Friday, November 13, 2015

The Orthodox Church (Penguin Books)

If someone asked me, "What is the one book you would recommend to someone wanting to understand Eastern Orthodoxy?" I would answer without thinking The Orthodox Church by Kalistos (Timothy)Ware. I remember reading this book nearly a decade ago, shortly after my conversion to Catholicism. I often wonder if I had read this book before my conversion, if I would have went down a different path and ended up Eastern Orthodox. That's a story for a different day, This book was originally published in the 1960s, and it is still the best introduction to the Orthodox Church. When I saw that it was being re-published by Penguin Books, I knew I wanted to re-read it to see what changed and how I felt reading it ten years later.

The book is divided into two parts. The first part deals with the history of the Orthodox Church and addresses topics like the Ecumenical Councils, the Great Schism, dealing with Islam, and the Twentieth Century. The second part touches on Tradition, God and Humankind, Sacraments, and the Church Calendar. I especially enjoyed reading about the Schism, because if we are going to heal this Schism we need to understand it from both sides. Kalistos Ware presents, in my opinion, the most unbiased view of the Great Schism. Bear with me for a long quote:

"Rome and Orthodoxy since the schism have each claimed to be the true Church. Yet each, while believing in the rightness of its own cause, must look back at the past with sorrow and repentance. [ . . .] And each side, while claiming to be the one true Church, must admit that on the human level it has been grievously  impoverished by the separation. The Greek east and the Latin west needed and still need one another. For both parties the great schism has proved a great tragedy."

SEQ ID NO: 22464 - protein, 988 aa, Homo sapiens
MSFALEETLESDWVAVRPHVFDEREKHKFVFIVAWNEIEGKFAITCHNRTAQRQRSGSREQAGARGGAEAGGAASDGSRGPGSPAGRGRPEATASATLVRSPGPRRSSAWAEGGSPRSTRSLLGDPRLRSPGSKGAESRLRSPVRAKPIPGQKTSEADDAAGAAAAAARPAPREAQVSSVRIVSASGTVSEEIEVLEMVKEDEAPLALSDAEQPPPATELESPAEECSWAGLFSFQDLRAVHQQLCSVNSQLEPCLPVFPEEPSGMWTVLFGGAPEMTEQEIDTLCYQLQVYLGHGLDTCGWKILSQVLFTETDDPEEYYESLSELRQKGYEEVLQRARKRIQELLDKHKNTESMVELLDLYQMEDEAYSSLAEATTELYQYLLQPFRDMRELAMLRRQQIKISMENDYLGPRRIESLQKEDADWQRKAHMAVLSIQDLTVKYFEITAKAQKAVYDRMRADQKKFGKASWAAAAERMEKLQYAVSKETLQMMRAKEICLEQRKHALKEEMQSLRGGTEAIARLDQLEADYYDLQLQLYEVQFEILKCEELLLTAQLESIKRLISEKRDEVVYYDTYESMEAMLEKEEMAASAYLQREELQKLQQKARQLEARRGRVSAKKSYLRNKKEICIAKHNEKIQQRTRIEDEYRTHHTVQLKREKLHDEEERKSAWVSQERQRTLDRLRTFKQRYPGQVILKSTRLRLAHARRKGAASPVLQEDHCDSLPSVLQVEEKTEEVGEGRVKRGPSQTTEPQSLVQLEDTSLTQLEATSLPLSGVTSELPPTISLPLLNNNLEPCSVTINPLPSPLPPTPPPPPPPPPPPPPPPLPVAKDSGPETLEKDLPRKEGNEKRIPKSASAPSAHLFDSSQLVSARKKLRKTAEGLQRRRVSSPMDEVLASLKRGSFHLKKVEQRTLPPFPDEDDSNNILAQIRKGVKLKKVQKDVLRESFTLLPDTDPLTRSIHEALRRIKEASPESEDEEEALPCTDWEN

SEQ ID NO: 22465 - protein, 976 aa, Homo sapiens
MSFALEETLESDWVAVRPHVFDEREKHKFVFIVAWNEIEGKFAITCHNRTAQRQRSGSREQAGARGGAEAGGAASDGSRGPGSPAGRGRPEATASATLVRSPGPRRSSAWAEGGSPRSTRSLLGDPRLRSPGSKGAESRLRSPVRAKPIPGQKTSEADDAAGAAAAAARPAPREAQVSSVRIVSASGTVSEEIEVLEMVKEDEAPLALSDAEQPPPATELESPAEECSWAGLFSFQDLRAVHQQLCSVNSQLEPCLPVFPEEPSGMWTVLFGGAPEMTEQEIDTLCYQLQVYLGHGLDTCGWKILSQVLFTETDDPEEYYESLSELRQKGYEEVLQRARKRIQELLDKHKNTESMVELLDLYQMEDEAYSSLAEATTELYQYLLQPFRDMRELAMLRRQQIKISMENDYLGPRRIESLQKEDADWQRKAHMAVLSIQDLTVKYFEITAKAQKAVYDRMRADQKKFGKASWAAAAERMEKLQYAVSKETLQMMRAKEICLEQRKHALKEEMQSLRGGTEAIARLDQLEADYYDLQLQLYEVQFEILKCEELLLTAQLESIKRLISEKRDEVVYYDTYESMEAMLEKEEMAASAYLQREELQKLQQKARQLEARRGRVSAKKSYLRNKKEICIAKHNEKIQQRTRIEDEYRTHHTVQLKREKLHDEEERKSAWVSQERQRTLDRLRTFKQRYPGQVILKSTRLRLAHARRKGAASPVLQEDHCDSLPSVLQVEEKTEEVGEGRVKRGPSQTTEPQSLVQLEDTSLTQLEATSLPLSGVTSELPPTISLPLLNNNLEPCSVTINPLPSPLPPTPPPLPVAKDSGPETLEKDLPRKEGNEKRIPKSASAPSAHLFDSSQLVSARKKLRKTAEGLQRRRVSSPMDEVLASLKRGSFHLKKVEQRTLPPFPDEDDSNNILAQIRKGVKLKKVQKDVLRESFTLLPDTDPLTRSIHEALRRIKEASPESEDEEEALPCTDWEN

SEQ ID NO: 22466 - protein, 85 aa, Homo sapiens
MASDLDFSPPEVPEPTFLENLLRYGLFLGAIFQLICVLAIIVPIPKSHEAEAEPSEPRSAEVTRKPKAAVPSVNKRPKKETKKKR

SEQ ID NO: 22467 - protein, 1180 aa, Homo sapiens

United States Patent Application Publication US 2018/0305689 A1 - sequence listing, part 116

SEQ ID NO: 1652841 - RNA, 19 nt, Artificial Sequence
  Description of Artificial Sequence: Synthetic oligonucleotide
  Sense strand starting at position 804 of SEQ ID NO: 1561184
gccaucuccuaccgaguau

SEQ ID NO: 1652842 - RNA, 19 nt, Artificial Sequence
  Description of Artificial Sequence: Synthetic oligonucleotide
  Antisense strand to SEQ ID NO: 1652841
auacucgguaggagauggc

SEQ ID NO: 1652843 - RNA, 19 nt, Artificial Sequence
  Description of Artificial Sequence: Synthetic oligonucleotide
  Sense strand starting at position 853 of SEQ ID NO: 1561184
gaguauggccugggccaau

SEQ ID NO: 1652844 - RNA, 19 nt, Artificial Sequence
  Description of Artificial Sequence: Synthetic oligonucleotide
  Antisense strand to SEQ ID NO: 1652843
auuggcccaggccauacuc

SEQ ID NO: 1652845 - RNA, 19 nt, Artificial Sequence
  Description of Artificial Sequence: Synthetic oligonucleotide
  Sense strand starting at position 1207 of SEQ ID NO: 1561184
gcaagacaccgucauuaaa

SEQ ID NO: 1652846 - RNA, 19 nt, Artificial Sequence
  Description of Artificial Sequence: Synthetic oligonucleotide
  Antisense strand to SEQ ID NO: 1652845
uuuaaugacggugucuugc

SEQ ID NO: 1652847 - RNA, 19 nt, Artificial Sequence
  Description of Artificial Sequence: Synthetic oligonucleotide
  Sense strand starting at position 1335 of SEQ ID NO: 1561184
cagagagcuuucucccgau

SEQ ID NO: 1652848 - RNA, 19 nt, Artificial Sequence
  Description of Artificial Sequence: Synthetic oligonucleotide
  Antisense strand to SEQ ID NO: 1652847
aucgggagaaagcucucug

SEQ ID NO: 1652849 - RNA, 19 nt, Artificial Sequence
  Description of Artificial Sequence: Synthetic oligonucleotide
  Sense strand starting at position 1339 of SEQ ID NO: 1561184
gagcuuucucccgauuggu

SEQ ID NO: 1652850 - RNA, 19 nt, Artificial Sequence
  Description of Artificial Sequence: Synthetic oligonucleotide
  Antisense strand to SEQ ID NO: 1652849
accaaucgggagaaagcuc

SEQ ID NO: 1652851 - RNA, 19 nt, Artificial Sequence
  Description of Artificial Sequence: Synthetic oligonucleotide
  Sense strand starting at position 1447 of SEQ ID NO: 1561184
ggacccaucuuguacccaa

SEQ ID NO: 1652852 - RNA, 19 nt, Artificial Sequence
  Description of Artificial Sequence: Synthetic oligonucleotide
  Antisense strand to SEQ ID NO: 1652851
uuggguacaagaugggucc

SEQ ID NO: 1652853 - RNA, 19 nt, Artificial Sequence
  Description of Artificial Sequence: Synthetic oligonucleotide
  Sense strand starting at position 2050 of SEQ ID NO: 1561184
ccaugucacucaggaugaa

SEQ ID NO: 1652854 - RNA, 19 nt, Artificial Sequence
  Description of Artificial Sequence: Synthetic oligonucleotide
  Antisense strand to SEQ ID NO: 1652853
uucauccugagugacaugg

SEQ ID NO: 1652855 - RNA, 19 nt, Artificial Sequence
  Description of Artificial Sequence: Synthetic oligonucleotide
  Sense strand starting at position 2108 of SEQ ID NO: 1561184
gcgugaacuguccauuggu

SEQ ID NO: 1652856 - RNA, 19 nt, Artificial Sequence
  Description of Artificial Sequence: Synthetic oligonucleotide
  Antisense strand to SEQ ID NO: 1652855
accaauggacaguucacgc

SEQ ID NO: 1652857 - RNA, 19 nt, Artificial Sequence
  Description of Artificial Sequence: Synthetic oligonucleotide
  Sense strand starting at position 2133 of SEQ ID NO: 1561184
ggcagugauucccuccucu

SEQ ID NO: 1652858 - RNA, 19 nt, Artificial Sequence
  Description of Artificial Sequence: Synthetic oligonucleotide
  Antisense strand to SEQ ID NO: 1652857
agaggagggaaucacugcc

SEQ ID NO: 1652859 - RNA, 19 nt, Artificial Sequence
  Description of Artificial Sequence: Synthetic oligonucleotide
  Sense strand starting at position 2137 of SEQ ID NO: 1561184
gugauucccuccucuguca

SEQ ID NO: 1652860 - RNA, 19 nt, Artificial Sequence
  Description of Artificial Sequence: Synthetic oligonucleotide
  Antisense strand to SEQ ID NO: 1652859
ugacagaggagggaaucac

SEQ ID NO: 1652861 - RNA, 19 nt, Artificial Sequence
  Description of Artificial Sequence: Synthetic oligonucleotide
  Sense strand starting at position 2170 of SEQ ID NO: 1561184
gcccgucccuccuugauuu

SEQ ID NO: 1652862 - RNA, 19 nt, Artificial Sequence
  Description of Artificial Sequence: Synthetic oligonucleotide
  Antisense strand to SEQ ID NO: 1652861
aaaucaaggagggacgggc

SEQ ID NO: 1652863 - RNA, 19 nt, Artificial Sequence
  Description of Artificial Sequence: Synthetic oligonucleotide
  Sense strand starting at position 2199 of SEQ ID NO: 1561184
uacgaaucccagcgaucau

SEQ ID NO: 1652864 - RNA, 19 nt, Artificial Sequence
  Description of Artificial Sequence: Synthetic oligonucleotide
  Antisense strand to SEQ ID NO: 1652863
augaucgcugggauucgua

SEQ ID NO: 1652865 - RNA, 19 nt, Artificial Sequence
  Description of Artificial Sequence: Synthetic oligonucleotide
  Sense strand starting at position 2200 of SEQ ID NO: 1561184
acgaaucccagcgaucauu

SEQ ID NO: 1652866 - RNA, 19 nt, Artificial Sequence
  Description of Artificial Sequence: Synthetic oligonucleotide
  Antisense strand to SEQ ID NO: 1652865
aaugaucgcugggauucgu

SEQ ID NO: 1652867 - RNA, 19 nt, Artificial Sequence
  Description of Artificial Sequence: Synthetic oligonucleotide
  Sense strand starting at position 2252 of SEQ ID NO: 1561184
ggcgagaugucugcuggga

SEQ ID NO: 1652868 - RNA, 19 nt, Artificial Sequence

In Chapter 16: The Orthodox Church and the Reunion of Christians is a chapter that I felt was sorely lacking in updated material. The part which touched on Orthodoxy and Roman Catholicism failed to address the great strides in communication and dialogue, which the past three popes (John Paul II, Benedict XVI, and Francis) have made with the Orthodox Patriarchs. The lack of updates in this chapter are a small reflection of the book as a whole. I feel like there should have been a chapter on the 21st Century as well. The lack of updates aside, this book is still edifying even 50 years after its original publication. The book somehow manages to be broad and deep at the same time, and I was pleased to have found the "Further Reading" section more familiar this time through. There are still many books in it that I want to read, but I am making progress! In conclusion, this is an excellent introduction to Orthodoxy and one you should have in your library. However, if you own the edition from the 1990s, you don't really need this version, unless yours has been read and re-read so many times, it's in tatters.

This book was provided to me for free by Penguin Books in exchange for an honest review. If you found this review helpful, please click here and hit Yes!